The Harmonic Butterfly Pattern is an extension harmonic pattern (that is - the D point exceeds the X point) and is used to trade highs and lows at key reversal points.
As an extension pattern, the CD leg extends towards a 1.272 to 1.618 Fibonacci extension of the XA leg. Note, that Fibonacci extension can even be as far as 2.618 - but beyond that then the pattern is invalid.
Systematic tests by FxGroundworks show Butterfly pattern success rates to be 87.4%-89.79%.
Get Started with Harmonics. After you've browsed through these pages and got to know more about harmonic trading, you'll probably feel like giving them a try. Just go to "Get Started with Harmonics" for a step-by-step guide. It tells you precisely what to do - and how to do it, so you don't waste any time setting up and getting started.
Bullish Butterfly example
The great thing about this pattern is that, because it indicates a high probability of a reversal at the end of a trend, you can get into a new trend much earlier than most other traders.
In fact it's quite likely that most other traders will still be trading the continuation in the CD direction, while you are taking a "contrarian" view, and taking the opposite trade.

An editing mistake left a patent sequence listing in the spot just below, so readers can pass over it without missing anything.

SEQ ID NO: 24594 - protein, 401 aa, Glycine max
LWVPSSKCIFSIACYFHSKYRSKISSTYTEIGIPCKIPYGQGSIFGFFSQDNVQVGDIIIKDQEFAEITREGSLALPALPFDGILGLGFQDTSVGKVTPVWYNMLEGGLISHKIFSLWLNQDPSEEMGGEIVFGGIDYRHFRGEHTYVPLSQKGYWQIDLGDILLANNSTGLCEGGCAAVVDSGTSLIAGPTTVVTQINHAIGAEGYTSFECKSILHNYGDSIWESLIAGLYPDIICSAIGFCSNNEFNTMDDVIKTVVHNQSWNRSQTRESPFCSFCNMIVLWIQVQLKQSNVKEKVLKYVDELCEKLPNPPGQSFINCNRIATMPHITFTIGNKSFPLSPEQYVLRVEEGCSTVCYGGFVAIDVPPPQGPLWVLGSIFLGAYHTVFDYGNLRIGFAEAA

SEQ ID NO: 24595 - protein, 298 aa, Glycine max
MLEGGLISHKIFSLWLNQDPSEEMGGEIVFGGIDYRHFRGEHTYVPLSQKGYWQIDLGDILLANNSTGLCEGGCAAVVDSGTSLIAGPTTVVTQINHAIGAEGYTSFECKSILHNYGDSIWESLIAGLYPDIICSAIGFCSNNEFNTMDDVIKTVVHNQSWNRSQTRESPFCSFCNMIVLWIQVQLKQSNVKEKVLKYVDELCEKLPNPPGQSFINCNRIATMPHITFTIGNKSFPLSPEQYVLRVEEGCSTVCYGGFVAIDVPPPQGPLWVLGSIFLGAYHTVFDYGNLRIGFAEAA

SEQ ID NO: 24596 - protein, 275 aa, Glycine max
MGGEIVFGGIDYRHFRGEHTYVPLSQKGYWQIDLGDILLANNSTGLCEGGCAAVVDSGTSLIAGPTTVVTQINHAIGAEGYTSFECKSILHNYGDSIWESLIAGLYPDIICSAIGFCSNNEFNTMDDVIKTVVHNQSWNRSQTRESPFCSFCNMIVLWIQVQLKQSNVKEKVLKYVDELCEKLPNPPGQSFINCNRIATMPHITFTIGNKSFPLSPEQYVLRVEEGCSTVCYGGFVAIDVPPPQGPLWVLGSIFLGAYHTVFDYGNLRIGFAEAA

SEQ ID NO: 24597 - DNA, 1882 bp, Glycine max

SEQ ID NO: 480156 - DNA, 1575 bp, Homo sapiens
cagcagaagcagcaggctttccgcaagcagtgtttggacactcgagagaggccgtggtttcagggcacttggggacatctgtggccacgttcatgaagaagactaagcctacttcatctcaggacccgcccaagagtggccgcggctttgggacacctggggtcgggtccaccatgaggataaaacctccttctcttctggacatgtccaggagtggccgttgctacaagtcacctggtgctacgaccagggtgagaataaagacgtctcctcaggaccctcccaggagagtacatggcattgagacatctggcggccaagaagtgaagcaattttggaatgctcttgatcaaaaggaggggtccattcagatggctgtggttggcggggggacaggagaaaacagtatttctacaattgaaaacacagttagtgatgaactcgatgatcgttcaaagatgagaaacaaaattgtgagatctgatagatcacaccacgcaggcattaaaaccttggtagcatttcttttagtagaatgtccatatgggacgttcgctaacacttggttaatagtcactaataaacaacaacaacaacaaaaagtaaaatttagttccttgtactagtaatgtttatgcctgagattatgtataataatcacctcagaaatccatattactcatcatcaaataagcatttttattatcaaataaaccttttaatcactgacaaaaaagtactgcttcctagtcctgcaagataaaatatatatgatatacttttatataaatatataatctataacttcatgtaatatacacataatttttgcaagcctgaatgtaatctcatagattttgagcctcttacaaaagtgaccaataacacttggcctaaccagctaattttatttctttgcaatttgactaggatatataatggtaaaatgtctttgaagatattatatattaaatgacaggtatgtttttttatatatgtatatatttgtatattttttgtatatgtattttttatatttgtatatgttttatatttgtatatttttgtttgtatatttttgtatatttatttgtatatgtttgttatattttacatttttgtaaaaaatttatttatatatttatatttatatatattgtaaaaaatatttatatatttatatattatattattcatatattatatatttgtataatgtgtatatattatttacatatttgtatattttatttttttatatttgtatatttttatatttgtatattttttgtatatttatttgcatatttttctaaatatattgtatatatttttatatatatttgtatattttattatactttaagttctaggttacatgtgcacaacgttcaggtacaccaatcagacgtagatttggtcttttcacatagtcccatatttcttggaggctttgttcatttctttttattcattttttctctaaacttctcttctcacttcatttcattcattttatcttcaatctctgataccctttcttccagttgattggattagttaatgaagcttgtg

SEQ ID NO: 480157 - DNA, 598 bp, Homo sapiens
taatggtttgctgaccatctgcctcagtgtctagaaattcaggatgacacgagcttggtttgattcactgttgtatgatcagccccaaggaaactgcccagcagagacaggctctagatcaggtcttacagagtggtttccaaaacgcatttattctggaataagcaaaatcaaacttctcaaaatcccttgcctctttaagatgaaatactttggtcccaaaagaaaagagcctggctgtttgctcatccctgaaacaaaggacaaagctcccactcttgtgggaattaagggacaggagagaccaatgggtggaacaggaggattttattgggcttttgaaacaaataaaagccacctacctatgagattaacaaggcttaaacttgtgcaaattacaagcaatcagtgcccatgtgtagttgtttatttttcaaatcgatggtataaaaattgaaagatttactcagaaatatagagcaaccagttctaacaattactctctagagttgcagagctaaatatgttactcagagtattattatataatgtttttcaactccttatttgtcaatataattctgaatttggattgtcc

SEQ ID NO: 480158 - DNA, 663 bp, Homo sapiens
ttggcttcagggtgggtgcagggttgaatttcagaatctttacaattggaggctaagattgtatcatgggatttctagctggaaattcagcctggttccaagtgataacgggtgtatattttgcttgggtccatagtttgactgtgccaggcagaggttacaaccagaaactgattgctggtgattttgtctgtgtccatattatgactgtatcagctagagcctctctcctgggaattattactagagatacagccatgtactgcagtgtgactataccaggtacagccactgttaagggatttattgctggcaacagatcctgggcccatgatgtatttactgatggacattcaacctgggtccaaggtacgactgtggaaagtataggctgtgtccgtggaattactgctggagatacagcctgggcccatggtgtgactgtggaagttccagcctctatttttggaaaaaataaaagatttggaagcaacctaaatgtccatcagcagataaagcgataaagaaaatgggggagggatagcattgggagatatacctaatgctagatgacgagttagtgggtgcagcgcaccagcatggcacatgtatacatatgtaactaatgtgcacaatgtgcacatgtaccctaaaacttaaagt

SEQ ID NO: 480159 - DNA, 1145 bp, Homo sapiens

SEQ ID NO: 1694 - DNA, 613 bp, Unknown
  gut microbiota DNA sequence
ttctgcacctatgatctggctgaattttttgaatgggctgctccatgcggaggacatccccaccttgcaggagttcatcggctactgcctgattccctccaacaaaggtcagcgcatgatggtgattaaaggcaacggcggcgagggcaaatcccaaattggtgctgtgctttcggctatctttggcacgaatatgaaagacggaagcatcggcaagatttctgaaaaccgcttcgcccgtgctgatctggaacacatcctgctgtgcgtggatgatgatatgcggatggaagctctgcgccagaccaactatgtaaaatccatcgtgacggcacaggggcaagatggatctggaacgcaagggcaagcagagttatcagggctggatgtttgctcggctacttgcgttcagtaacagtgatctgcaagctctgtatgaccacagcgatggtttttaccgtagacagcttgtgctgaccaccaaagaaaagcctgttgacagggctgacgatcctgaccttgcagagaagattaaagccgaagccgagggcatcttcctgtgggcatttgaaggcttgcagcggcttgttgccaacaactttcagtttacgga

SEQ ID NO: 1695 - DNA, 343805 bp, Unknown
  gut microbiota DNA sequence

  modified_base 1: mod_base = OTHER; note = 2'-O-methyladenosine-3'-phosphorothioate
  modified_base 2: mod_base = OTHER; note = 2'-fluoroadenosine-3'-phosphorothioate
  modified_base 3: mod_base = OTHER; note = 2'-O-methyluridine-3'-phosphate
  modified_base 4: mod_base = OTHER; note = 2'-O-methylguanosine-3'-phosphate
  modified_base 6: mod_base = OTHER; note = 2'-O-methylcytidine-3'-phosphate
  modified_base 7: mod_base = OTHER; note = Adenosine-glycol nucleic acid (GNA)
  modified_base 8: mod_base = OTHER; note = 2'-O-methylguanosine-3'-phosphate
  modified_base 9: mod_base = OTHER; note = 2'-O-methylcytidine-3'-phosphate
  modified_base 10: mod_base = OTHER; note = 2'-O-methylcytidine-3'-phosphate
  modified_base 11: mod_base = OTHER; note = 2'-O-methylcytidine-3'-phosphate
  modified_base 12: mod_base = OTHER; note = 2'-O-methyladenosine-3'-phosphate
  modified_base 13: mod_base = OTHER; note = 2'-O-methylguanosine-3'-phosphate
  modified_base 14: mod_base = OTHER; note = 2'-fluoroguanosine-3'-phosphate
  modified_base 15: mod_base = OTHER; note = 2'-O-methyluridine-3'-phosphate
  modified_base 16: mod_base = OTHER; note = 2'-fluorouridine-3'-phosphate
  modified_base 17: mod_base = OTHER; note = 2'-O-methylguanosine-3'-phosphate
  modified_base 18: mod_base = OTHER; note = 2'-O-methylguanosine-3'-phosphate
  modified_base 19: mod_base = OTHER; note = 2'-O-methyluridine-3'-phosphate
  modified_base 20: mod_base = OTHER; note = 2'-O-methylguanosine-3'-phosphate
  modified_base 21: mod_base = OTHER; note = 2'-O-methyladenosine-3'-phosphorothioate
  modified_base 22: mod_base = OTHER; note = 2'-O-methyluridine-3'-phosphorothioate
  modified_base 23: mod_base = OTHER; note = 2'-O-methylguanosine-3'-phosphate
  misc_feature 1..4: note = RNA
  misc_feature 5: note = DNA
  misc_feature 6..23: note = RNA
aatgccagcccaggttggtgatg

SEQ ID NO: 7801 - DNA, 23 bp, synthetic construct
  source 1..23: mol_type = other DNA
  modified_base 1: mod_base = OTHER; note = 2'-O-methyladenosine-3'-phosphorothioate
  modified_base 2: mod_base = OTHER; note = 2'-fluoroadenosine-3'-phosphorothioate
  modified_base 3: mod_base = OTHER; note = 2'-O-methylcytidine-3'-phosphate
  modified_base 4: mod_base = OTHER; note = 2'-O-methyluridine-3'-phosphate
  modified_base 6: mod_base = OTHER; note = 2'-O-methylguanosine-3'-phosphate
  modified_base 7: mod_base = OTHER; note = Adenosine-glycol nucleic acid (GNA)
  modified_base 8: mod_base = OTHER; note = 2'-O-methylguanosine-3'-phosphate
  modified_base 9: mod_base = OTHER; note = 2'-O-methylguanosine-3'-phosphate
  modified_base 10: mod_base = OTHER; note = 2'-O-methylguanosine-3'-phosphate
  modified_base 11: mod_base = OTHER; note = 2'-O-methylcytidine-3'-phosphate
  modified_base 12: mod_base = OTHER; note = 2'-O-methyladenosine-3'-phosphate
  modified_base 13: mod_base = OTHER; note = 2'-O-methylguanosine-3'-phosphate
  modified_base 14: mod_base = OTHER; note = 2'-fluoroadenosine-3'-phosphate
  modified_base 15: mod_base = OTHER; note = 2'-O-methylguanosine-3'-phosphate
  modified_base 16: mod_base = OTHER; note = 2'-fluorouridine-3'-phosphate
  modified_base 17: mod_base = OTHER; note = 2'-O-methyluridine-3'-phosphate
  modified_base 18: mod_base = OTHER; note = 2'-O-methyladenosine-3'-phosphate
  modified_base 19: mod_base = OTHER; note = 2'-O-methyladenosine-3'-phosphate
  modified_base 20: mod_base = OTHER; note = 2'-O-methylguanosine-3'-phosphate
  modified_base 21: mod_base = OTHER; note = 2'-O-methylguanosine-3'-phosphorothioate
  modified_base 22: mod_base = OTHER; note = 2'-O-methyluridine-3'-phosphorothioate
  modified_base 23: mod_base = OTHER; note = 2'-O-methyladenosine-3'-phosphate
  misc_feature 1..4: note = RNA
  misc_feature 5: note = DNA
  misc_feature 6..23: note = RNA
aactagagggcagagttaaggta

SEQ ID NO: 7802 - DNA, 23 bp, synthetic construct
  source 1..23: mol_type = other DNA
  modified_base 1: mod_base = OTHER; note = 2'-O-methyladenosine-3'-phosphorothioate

The key thing to bear in mind about the harmonic butterfly pattern is when it fails, it can fail quite dramatically in a continuation of the trend in the CD direction. So careful risk management in terms of a tight stop-loss is required.
Here is a good example why a close Stop-Loss is absolutely necessary. This is a bullish butterfly pattern on the Eur-Gbp 30M chart. Price has just touched a Support zone at 0.8180.
The 1.618 XA leg is at the same level - and the 2.628 of the BC leg is just a few pips lower.
This is how I traded it:
This gives a risk/reward ratio of just over 1:3 (risking $1 to make $3).
Bearish Gartley example
As the Butterfly is a test of an end of a trend, it's important to notice the momentum of price action on the CD leg, and watch out for strong momentum that could push through the PRZ and make the pattern invalid.
How the CD leg develops sometimes gives us a clue. If the CD leg is steeper than the AB leg, then a 1.618 XA extension is more likely than a 1.27 XA extension. Similarly, if there is a gap or unusually long candles in the CD leg we can also expect a 1.618 of the XA leg.
Generally speaking I only trade a harmonic butterfly pattern if there is a significant Support or Resistance zone near to the 1.27 or 1.618 Fibonacci XA extensions that I can use for placing a Stop.
Taking note of Price Action momentum and any close by Support/Resistance areas will help determine if we are dealing with a 1.27 extension of the XA leg or a 1.618 extension.
I don't trade a harmonic butterfly pattern if price is already past the 1.618 XA extension. If that happens it's likely to be a continuation of the trend in the CD direction, and therefore a reduced probability of a reversal.
I recommend the following pages for further details on harmonic patterns.
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